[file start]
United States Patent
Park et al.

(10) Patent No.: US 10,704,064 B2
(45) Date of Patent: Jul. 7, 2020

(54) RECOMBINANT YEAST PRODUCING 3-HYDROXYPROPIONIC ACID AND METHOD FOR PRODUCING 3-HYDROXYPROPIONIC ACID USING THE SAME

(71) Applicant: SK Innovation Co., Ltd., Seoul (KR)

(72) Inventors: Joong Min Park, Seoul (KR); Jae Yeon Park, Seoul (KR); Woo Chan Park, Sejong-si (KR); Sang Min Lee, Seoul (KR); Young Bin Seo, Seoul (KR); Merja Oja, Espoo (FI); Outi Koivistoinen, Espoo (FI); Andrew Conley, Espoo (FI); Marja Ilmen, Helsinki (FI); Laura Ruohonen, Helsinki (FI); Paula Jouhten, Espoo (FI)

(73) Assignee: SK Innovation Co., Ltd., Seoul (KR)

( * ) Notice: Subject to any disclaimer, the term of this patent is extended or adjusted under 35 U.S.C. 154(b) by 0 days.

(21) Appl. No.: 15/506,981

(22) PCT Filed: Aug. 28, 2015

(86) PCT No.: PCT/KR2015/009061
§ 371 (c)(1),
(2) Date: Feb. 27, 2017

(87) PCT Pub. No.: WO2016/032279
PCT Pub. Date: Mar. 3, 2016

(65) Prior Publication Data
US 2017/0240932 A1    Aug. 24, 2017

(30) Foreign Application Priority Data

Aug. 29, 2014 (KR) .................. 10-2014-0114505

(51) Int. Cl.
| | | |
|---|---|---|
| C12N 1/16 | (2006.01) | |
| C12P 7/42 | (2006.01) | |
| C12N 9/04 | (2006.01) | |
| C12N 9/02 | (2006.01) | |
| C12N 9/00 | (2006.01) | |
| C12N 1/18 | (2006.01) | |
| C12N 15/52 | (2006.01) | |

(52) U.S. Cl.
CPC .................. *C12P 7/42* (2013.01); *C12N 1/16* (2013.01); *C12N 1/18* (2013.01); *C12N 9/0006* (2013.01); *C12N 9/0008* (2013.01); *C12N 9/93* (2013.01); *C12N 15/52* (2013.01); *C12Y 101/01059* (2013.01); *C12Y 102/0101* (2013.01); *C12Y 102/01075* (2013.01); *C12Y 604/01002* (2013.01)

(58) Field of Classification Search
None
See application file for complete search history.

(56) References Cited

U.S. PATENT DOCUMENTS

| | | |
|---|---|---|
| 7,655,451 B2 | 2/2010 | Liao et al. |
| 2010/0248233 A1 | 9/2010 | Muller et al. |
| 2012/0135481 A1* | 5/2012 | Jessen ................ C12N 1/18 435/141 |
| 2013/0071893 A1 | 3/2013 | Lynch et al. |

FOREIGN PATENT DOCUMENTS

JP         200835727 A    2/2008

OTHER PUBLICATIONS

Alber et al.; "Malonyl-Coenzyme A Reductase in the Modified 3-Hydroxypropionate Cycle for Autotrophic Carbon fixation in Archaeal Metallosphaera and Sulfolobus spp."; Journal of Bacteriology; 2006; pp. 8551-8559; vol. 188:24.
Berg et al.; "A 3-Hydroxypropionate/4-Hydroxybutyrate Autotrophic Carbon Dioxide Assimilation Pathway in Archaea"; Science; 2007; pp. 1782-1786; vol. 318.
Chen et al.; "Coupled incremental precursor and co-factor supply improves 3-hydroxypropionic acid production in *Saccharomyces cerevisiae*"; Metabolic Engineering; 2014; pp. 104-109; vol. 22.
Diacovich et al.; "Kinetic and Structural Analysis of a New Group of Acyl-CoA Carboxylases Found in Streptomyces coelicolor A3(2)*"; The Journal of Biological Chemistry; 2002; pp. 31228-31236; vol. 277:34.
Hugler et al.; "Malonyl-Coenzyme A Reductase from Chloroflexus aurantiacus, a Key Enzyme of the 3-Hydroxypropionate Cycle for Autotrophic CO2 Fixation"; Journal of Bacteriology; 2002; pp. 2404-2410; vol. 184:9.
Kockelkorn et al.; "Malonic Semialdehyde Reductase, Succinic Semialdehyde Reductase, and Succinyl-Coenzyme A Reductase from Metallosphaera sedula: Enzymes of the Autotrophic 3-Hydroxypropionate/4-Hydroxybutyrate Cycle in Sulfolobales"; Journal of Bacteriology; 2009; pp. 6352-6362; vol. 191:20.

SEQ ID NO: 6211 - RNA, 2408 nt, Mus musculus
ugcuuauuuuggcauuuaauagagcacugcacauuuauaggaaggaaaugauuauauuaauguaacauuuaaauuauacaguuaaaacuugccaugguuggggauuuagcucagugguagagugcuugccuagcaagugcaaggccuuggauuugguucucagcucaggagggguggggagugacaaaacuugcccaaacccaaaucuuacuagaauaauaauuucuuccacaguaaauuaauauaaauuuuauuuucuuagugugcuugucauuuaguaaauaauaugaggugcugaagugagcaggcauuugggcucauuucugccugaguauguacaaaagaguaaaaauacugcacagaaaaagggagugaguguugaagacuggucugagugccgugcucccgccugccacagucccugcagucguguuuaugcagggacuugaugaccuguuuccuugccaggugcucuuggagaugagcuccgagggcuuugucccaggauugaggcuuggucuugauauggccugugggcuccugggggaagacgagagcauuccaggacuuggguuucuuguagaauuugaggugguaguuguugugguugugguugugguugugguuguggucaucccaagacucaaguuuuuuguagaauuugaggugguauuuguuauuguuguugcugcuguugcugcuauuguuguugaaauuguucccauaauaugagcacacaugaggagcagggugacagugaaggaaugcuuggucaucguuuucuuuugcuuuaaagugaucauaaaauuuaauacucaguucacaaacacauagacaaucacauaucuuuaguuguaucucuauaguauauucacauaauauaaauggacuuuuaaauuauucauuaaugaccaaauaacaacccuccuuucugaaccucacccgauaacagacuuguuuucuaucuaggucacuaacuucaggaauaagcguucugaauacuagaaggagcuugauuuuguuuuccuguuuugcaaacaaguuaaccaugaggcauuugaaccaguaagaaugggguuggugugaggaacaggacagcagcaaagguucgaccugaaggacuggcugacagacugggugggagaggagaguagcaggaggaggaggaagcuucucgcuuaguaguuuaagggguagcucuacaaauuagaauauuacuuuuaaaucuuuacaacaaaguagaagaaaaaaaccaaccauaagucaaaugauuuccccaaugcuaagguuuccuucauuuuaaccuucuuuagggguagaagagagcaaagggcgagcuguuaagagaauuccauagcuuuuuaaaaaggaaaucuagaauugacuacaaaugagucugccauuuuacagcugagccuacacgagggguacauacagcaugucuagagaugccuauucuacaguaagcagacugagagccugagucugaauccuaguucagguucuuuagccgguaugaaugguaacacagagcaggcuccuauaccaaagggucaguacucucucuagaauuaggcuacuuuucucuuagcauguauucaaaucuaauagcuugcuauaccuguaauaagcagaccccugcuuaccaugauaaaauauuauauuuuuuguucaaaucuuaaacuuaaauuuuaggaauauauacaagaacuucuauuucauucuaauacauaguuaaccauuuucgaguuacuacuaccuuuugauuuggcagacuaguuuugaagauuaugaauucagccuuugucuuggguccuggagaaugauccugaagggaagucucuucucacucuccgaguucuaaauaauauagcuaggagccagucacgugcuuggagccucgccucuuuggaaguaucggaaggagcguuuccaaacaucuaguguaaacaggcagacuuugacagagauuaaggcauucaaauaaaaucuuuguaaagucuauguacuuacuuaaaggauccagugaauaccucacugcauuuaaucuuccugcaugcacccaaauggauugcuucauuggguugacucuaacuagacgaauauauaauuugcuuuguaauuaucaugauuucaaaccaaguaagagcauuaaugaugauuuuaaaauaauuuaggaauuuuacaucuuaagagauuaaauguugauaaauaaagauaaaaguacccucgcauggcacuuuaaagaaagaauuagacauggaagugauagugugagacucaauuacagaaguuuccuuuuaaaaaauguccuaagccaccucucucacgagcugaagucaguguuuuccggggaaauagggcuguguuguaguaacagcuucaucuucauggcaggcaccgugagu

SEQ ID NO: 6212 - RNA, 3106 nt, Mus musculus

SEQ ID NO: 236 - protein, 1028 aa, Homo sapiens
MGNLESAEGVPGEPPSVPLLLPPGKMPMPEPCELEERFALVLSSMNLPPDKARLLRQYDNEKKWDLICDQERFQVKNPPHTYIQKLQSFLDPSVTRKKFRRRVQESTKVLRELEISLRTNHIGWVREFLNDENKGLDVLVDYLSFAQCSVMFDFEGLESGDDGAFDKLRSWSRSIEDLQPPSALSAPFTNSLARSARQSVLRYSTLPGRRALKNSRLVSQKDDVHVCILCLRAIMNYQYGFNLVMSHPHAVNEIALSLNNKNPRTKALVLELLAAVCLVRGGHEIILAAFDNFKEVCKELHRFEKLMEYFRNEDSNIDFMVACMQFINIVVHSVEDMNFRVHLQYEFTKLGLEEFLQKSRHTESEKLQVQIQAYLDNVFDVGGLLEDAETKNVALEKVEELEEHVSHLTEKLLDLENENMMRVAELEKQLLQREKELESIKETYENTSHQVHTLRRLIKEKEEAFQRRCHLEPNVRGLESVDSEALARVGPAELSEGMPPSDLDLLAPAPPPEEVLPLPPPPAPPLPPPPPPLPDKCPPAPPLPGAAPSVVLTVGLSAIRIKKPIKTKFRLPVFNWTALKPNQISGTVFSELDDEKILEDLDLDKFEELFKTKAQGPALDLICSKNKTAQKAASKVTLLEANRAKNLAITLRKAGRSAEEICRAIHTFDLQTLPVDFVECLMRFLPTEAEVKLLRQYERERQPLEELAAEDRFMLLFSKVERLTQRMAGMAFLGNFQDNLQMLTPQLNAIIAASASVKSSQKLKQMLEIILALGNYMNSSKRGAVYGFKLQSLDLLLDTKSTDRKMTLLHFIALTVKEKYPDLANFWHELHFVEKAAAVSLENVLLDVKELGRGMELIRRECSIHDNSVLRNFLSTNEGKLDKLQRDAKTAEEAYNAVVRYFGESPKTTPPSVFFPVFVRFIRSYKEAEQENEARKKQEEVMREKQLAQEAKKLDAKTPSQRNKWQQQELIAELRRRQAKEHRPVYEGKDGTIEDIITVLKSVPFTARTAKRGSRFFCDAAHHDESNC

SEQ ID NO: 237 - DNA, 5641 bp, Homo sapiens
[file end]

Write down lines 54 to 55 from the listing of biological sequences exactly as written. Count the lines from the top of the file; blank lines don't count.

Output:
ugcuuauuuuggcauuuaauagagcacugcacauuuauaggaaggaaaugauuauauuaauguaacauuuaaauuauacaguuaaaacuugccaugguuggggauuuagcucagugguagagugcuugccuagcaagugcaaggccuuggauuugguucucagcucaggagggguggggagugacaaaacuugcccaaacccaaaucuuacuagaauaauaauuucuuccacaguaaauuaauauaaauuuuauuuucuuagugugcuugucauuuaguaaauaauaugaggugcugaagugagcaggcauuugggcucauuucugccugaguauguacaaaagaguaaaaauacugcacagaaaaagggagugaguguugaagacuggucugagugccgugcucccgccugccacagucccugcagucguguuuaugcagggacuugaugaccuguuuccuugccaggugcucuuggagaugagcuccgagggcuuugucccaggauugaggcuuggucuugauauggccugugggcuccugggggaagacgagagcauuccaggacuuggguuucuuguagaauuugaggugguaguuguugugguugugguugugguugugguuguggucaucccaagacucaaguuuuuuguagaauuugaggugguauuuguuauuguuguugcugcuguugcugcuauuguuguugaaauuguucccauaauaugagcacacaugaggagcagggugacagugaaggaaugcuuggucaucguuuucuuuugcuuuaaagugaucauaaaauuuaauacucaguucacaaacacauagacaaucacauaucuuuaguuguaucucuauaguauauucacauaauauaaauggacuuuuaaauuauucauuaaugaccaaauaacaacccuccuuucugaaccucacccgauaacagacuuguuuucuaucuaggucacuaacuucaggaauaagcguucugaauacuagaaggagcuugauuuuguuuuccuguuuugcaaacaaguuaaccaugaggcauuugaaccaguaagaaugggguuggugugaggaacaggacagcagcaaagguucgaccugaaggacuggcugacagacugggugggagaggagaguagcaggaggaggaggaagcuucucgcuuaguaguuuaagggguagcucuacaaauuagaauauuacuuuuaaaucuuuacaacaaaguagaagaaaaaaaccaaccauaagucaaaugauuuccccaaugcuaagguuuccuucauuuuaaccuucuuuagggguagaagagagcaaagggcgagcuguuaagagaauuccauagcuuuuuaaaaaggaaaucuagaauugacuacaaaugagucugccauuuuacagcugagccuacacgagggguacauacagcaugucuagagaugccuauucuacaguaagcagacugagagccugagucugaauccuaguucagguucuuuagccgguaugaaugguaacacagagcaggcuccuauaccaaagggucaguacucucucuagaauuaggcuacuuuucucuuagcauguauucaaaucuaauagcuugcuauaccuguaauaagcagaccccugcuuaccaugauaaaauauuauauuuuuuguucaaaucuuaaacuuaaauuuuaggaauauauacaagaacuucuauuucauucuaauacauaguuaaccauuuucgaguuacuacuaccuuuugauuuggcagacuaguuuugaagauuaugaauucagccuuugucuuggguccuggagaaugauccugaagggaagucucuucucacucuccgaguucuaaauaauauagcuaggagccagucacgugcuuggagccucgccucuuuggaaguaucggaaggagcguuuccaaacaucuaguguaaacaggcagacuuugacagagauuaaggcauucaaauaaaaucuuuguaaagucuauguacuuacuuaaaggauccagugaauaccucacugcauuuaaucuuccugcaugcacccaaauggauugcuucauuggguugacucuaacuagacgaauauauaauuugcuuuguaauuaucaugauuucaaaccaaguaagagcauuaaugaugauuuuaaaauaauuuaggaauuuuacaucuuaagagauuaaauguugauaaauaaagauaaaaguacccucgcauggcacuuuaaagaaagaauuagacauggaagugauagugugagacucaauuacagaaguuuccuuuuaaaaaauguccuaagccaccucucucacgagcugaagucaguguuuuccggggaaauagggcuguguuguaguaacagcuucaucuucauggcaggcaccgugagu

SEQ ID NO: 6212 - RNA, 3106 nt, Mus musculus